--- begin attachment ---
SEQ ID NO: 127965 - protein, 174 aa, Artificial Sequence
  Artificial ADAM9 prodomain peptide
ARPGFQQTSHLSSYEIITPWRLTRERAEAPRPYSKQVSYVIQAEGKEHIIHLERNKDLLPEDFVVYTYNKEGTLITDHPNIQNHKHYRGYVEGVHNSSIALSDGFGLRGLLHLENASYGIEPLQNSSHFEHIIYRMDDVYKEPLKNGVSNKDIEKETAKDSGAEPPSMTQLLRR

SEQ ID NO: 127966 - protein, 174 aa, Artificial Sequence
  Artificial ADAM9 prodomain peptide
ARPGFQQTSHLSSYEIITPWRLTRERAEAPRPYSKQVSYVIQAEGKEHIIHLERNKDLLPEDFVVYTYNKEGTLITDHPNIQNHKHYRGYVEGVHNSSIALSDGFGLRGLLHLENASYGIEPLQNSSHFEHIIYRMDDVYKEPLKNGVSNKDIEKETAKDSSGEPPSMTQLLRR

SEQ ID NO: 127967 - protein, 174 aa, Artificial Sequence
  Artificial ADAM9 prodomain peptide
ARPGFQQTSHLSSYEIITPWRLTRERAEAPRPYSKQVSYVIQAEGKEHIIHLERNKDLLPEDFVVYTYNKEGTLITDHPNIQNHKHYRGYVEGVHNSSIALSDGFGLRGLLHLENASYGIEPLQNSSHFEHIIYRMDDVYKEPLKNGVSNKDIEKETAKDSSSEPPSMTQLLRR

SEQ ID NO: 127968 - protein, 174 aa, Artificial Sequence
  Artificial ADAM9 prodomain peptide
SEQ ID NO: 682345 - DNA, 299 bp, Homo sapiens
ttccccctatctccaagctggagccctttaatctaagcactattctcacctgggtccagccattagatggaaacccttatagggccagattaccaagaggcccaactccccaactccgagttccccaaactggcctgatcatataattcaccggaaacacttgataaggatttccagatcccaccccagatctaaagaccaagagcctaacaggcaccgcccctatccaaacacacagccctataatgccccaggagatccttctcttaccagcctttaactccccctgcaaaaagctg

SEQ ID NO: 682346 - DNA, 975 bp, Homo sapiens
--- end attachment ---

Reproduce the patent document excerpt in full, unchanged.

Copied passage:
SEQ ID NO: 127965 - protein, 174 aa, Artificial Sequence
  Artificial ADAM9 prodomain peptide
ARPGFQQTSHLSSYEIITPWRLTRERAEAPRPYSKQVSYVIQAEGKEHIIHLERNKDLLPEDFVVYTYNKEGTLITDHPNIQNHKHYRGYVEGVHNSSIALSDGFGLRGLLHLENASYGIEPLQNSSHFEHIIYRMDDVYKEPLKNGVSNKDIEKETAKDSGAEPPSMTQLLRR

SEQ ID NO: 127966 - protein, 174 aa, Artificial Sequence
  Artificial ADAM9 prodomain peptide
ARPGFQQTSHLSSYEIITPWRLTRERAEAPRPYSKQVSYVIQAEGKEHIIHLERNKDLLPEDFVVYTYNKEGTLITDHPNIQNHKHYRGYVEGVHNSSIALSDGFGLRGLLHLENASYGIEPLQNSSHFEHIIYRMDDVYKEPLKNGVSNKDIEKETAKDSSGEPPSMTQLLRR

SEQ ID NO: 127967 - protein, 174 aa, Artificial Sequence
  Artificial ADAM9 prodomain peptide
ARPGFQQTSHLSSYEIITPWRLTRERAEAPRPYSKQVSYVIQAEGKEHIIHLERNKDLLPEDFVVYTYNKEGTLITDHPNIQNHKHYRGYVEGVHNSSIALSDGFGLRGLLHLENASYGIEPLQNSSHFEHIIYRMDDVYKEPLKNGVSNKDIEKETAKDSSSEPPSMTQLLRR

SEQ ID NO: 127968 - protein, 174 aa, Artificial Sequence
  Artificial ADAM9 prodomain peptide
SEQ ID NO: 682345 - DNA, 299 bp, Homo sapiens
ttccccctatctccaagctggagccctttaatctaagcactattctcacctgggtccagccattagatggaaacccttatagggccagattaccaagaggcccaactccccaactccgagttccccaaactggcctgatcatataattcaccggaaacacttgataaggatttccagatcccaccccagatctaaagaccaagagcctaacaggcaccgcccctatccaaacacacagccctataatgccccaggagatccttctcttaccagcctttaactccccctgcaaaaagctg

SEQ ID NO: 682346 - DNA, 975 bp, Homo sapiens